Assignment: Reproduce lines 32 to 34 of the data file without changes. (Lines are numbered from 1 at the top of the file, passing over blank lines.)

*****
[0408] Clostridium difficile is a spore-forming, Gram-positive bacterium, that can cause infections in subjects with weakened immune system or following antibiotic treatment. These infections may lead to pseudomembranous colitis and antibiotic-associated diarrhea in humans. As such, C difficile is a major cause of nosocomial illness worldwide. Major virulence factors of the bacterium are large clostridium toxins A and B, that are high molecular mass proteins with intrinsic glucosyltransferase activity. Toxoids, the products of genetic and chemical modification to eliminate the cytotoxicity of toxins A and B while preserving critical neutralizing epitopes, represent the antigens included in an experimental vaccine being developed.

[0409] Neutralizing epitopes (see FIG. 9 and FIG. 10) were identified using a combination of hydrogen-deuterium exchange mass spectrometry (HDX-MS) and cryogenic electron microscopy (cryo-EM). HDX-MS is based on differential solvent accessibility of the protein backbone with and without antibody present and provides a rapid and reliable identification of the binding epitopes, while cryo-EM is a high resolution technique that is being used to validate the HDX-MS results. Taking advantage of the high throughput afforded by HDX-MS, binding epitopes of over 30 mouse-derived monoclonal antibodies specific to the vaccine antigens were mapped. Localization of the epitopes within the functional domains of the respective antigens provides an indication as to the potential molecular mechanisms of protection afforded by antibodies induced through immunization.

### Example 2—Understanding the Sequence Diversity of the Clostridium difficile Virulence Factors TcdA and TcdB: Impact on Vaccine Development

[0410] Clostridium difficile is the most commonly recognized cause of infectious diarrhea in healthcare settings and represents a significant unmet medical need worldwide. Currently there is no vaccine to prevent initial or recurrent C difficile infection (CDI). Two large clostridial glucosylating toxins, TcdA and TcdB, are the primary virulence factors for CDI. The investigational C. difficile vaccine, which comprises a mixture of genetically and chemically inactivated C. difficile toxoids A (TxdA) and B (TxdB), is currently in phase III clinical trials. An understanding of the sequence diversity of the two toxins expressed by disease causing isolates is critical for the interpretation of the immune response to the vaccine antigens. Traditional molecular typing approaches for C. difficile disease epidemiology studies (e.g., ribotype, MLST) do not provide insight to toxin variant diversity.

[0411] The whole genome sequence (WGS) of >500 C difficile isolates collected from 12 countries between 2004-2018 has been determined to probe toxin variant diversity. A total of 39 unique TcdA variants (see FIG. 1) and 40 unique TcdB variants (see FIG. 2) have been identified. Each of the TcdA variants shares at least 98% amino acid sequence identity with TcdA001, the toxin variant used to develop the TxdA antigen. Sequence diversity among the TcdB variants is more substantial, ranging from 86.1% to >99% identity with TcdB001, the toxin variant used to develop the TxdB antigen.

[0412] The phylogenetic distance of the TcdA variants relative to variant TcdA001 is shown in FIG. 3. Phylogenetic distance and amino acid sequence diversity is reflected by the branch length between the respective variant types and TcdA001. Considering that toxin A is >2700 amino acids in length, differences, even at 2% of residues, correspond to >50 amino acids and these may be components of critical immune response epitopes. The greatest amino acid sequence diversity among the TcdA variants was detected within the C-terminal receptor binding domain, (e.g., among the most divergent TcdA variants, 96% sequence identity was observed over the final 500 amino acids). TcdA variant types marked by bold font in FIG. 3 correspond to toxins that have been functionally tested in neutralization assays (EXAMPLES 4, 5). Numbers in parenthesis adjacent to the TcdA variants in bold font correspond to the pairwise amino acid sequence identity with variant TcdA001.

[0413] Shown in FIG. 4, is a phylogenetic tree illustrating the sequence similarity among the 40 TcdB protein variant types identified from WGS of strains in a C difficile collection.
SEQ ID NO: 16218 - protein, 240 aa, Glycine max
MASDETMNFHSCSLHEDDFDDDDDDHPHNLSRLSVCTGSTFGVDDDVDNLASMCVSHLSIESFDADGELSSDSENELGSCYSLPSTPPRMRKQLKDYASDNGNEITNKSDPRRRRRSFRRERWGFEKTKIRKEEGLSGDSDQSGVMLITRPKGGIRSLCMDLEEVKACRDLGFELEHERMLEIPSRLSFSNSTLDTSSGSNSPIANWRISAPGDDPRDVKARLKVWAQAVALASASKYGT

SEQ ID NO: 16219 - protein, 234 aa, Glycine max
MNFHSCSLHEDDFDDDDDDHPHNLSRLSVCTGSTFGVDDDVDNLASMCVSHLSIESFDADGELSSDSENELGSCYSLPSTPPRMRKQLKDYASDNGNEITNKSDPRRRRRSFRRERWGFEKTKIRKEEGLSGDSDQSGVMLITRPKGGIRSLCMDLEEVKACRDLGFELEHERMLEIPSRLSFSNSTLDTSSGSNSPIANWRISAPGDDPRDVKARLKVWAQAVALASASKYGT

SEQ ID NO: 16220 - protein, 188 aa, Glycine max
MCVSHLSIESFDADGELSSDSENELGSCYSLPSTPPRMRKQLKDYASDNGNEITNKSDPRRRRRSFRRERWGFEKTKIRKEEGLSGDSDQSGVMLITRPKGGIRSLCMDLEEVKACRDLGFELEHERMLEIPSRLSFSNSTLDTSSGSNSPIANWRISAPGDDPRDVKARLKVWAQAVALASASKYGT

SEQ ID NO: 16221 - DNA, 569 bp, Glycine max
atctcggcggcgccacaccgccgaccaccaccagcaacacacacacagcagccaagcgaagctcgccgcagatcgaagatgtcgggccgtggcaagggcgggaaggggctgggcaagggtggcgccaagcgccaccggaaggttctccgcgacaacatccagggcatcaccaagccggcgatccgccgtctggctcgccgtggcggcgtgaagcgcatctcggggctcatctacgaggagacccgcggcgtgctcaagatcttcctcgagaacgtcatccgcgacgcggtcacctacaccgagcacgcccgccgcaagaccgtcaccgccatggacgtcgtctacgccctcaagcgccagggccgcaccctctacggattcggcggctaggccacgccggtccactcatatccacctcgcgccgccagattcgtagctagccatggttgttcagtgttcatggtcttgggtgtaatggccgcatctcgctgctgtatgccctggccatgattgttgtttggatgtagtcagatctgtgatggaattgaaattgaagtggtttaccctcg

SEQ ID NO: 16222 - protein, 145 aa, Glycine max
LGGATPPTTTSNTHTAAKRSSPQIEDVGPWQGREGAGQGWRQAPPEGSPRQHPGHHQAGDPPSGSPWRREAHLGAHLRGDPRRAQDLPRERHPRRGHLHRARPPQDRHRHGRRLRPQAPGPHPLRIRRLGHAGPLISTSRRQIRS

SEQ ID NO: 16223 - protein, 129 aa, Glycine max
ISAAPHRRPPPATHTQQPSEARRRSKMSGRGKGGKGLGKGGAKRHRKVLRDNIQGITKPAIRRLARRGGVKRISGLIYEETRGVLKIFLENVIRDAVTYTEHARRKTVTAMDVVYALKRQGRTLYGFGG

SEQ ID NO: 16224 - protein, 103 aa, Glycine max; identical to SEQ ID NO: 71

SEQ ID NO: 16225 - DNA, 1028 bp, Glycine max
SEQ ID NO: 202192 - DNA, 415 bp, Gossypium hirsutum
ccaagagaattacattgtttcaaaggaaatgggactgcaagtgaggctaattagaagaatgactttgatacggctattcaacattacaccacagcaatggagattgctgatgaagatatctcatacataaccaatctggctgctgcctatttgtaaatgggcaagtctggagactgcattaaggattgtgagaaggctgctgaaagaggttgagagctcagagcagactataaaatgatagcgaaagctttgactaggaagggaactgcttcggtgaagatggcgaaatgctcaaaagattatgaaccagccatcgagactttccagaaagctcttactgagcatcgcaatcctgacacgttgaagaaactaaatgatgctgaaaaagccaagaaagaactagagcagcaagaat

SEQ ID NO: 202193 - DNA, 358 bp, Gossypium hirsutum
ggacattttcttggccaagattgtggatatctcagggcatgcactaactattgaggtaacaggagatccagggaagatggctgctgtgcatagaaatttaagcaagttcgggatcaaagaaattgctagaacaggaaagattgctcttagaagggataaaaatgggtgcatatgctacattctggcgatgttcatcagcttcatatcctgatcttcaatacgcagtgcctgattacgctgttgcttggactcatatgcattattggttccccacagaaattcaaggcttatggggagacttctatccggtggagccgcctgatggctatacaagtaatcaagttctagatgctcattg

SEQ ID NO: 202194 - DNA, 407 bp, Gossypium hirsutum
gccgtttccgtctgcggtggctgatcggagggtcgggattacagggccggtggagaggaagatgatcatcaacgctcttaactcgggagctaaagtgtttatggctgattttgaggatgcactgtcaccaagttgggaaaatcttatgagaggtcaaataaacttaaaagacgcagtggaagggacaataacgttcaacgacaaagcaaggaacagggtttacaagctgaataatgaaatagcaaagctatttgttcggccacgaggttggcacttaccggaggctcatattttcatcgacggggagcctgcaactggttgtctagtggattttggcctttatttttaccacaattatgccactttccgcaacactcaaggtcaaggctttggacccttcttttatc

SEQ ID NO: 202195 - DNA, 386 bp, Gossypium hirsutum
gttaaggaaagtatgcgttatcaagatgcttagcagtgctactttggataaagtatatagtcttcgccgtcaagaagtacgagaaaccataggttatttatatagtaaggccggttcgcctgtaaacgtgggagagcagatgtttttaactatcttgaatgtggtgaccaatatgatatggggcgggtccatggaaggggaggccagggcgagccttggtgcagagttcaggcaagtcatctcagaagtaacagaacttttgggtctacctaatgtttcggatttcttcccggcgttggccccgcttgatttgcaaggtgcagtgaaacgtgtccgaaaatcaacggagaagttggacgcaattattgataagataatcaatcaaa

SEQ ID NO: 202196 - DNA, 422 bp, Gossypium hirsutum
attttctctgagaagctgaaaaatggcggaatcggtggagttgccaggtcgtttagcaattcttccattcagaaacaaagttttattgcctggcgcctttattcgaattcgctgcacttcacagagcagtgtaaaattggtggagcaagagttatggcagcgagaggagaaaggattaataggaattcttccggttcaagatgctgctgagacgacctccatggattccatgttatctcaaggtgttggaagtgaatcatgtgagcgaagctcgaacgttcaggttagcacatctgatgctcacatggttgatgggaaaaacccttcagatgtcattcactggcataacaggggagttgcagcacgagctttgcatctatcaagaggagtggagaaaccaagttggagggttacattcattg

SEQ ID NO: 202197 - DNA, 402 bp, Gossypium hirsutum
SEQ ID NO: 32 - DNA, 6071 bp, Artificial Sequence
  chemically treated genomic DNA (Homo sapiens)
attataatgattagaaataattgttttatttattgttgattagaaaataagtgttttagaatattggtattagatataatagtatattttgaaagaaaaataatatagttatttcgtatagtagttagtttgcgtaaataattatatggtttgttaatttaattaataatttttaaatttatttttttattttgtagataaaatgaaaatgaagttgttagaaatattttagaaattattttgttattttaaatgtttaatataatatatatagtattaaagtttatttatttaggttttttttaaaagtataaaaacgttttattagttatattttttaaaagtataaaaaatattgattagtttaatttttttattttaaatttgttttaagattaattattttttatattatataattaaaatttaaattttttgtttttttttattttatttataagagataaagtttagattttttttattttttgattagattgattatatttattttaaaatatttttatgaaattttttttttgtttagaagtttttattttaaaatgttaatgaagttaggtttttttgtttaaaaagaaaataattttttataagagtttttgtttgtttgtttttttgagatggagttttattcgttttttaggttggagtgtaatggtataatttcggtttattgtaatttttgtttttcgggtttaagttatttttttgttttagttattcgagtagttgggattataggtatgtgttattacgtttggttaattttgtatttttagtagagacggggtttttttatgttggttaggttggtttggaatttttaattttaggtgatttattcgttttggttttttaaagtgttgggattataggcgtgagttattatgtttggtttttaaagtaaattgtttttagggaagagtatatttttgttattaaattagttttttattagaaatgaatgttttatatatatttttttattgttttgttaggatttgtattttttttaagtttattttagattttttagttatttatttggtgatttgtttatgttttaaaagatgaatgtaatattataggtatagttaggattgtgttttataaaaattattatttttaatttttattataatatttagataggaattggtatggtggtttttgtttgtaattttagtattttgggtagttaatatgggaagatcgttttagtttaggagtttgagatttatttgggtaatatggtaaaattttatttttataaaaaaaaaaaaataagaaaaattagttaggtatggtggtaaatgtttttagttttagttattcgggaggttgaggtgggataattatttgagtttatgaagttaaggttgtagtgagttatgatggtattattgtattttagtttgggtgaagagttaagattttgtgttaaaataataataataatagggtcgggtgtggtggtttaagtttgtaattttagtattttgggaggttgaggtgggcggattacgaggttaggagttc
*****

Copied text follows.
SEQ ID NO: 202197 - DNA, 402 bp, Gossypium hirsutum
SEQ ID NO: 32 - DNA, 6071 bp, Artificial Sequence
  chemically treated genomic DNA (Homo sapiens)